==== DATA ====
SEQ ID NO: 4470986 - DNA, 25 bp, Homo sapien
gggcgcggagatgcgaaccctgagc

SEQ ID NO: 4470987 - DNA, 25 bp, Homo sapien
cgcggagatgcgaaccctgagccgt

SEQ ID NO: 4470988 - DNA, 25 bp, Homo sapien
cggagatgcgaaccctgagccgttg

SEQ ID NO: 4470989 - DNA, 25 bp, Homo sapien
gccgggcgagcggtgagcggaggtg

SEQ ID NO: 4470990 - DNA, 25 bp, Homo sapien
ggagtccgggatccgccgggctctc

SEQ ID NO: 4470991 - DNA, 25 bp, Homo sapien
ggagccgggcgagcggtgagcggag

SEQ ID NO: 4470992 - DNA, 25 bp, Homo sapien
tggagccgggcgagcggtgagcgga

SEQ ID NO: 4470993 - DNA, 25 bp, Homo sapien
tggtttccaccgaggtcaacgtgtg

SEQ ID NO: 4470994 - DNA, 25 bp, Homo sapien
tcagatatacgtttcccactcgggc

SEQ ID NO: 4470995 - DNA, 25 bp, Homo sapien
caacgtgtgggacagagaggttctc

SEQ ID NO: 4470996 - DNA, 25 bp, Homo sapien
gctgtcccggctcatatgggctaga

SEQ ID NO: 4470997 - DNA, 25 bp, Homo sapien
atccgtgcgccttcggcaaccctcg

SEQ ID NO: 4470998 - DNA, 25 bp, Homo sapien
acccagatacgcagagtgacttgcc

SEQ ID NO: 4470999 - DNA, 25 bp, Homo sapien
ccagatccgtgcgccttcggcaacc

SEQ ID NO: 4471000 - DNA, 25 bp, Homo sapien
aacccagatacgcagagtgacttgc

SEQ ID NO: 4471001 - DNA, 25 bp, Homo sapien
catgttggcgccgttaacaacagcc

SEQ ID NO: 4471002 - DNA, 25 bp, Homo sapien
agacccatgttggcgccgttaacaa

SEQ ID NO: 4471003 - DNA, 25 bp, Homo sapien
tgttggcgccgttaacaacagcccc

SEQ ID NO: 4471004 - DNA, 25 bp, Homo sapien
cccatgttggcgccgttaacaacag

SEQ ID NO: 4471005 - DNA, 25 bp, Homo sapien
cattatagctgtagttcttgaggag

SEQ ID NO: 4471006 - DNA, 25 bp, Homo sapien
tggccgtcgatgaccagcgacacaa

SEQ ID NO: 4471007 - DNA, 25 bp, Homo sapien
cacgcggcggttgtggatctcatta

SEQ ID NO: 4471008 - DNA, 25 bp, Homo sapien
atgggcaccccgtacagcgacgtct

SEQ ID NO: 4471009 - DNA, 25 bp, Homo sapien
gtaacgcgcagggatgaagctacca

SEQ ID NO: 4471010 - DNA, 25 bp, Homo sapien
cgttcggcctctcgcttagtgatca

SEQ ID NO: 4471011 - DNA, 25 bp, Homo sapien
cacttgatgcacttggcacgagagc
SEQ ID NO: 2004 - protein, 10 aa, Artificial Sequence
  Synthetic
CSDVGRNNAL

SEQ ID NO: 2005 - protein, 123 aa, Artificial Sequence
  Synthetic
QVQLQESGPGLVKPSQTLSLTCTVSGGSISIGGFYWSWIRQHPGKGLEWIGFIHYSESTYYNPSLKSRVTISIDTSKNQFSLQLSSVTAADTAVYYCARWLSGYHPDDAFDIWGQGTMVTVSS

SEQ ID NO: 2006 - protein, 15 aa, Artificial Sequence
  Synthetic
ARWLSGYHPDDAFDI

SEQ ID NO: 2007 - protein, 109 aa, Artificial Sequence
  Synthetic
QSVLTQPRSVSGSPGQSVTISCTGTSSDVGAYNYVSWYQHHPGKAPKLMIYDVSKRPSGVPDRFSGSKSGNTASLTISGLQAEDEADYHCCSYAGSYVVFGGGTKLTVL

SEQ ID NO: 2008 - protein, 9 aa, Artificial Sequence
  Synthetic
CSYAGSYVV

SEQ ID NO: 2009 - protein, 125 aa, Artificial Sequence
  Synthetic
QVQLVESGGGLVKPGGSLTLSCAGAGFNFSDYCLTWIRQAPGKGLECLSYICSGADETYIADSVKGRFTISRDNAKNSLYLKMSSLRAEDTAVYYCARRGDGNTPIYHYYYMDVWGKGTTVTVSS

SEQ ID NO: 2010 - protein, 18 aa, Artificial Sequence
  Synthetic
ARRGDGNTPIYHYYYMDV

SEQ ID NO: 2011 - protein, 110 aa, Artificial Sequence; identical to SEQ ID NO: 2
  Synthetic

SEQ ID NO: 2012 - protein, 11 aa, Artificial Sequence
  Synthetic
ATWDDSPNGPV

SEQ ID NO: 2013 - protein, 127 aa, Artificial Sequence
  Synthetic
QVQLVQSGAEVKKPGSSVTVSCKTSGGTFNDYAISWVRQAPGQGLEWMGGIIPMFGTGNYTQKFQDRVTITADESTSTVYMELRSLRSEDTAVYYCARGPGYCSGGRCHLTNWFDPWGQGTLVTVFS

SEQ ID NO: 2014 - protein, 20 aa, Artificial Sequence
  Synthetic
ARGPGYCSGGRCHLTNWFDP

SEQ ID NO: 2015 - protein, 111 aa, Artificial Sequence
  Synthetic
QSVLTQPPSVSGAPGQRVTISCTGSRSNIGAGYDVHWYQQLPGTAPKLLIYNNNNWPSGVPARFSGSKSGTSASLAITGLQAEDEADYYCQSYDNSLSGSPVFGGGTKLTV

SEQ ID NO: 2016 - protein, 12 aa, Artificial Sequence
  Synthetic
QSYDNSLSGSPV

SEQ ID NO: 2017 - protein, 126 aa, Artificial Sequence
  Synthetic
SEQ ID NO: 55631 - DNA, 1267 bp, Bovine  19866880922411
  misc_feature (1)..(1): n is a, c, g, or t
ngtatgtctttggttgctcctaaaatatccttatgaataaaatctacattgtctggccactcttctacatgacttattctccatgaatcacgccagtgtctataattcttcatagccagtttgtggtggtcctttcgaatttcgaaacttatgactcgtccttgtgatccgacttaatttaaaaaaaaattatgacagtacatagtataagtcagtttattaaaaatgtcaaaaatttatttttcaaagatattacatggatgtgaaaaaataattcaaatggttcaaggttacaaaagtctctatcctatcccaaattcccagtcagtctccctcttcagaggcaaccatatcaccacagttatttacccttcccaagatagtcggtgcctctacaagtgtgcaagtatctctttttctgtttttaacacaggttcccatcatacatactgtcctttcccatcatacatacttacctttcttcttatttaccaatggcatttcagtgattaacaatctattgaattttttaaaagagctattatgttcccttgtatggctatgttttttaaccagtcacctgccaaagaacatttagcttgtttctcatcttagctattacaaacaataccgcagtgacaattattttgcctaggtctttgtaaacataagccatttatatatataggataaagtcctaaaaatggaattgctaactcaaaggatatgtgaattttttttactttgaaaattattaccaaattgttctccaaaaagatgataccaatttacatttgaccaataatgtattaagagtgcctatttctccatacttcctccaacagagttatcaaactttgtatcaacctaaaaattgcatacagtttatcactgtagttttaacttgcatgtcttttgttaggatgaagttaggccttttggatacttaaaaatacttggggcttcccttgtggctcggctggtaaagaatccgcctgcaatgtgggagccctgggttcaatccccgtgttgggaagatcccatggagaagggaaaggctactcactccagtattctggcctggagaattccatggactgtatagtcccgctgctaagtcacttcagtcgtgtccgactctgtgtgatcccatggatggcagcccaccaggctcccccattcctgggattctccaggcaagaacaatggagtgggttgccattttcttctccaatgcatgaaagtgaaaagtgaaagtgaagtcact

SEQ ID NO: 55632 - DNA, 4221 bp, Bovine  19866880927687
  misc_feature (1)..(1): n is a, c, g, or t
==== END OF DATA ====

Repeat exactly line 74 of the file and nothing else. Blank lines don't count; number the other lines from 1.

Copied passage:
SEQ ID NO: 2011 - protein, 110 aa, Artificial Sequence; identical to SEQ ID NO: 2